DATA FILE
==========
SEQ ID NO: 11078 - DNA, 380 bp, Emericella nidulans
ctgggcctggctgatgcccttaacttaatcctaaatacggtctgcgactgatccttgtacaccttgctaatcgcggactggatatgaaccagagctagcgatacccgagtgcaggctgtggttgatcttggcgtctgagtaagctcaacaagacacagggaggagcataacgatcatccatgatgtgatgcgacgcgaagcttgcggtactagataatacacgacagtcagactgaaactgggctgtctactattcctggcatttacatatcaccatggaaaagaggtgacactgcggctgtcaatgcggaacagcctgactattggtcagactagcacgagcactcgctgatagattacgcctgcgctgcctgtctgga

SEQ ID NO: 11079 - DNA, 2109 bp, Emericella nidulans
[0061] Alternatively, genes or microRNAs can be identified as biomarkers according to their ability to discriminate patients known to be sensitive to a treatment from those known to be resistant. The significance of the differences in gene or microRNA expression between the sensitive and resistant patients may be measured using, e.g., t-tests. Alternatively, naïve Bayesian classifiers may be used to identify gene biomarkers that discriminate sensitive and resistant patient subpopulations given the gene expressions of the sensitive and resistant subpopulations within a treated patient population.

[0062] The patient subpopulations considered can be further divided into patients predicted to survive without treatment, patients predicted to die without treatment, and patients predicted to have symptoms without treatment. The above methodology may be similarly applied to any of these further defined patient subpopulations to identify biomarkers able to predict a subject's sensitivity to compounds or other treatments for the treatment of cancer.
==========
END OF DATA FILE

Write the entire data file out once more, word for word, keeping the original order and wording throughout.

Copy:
SEQ ID NO: 11078 - DNA, 380 bp, Emericella nidulans
ctgggcctggctgatgcccttaacttaatcctaaatacggtctgcgactgatccttgtacaccttgctaatcgcggactggatatgaaccagagctagcgatacccgagtgcaggctgtggttgatcttggcgtctgagtaagctcaacaagacacagggaggagcataacgatcatccatgatgtgatgcgacgcgaagcttgcggtactagataatacacgacagtcagactgaaactgggctgtctactattcctggcatttacatatcaccatggaaaagaggtgacactgcggctgtcaatgcggaacagcctgactattggtcagactagcacgagcactcgctgatagattacgcctgcgctgcctgtctgga

SEQ ID NO: 11079 - DNA, 2109 bp, Emericella nidulans
[0061] Alternatively, genes or microRNAs can be identified as biomarkers according to their ability to discriminate patients known to be sensitive to a treatment from those known to be resistant. The significance of the differences in gene or microRNA expression between the sensitive and resistant patients may be measured using, e.g., t-tests. Alternatively, naïve Bayesian classifiers may be used to identify gene biomarkers that discriminate sensitive and resistant patient subpopulations given the gene expressions of the sensitive and resistant subpopulations within a treated patient population.

[0062] The patient subpopulations considered can be further divided into patients predicted to survive without treatment, patients predicted to die without treatment, and patients predicted to have symptoms without treatment. The above methodology may be similarly applied to any of these further defined patient subpopulations to identify biomarkers able to predict a subject's sensitivity to compounds or other treatments for the treatment of cancer.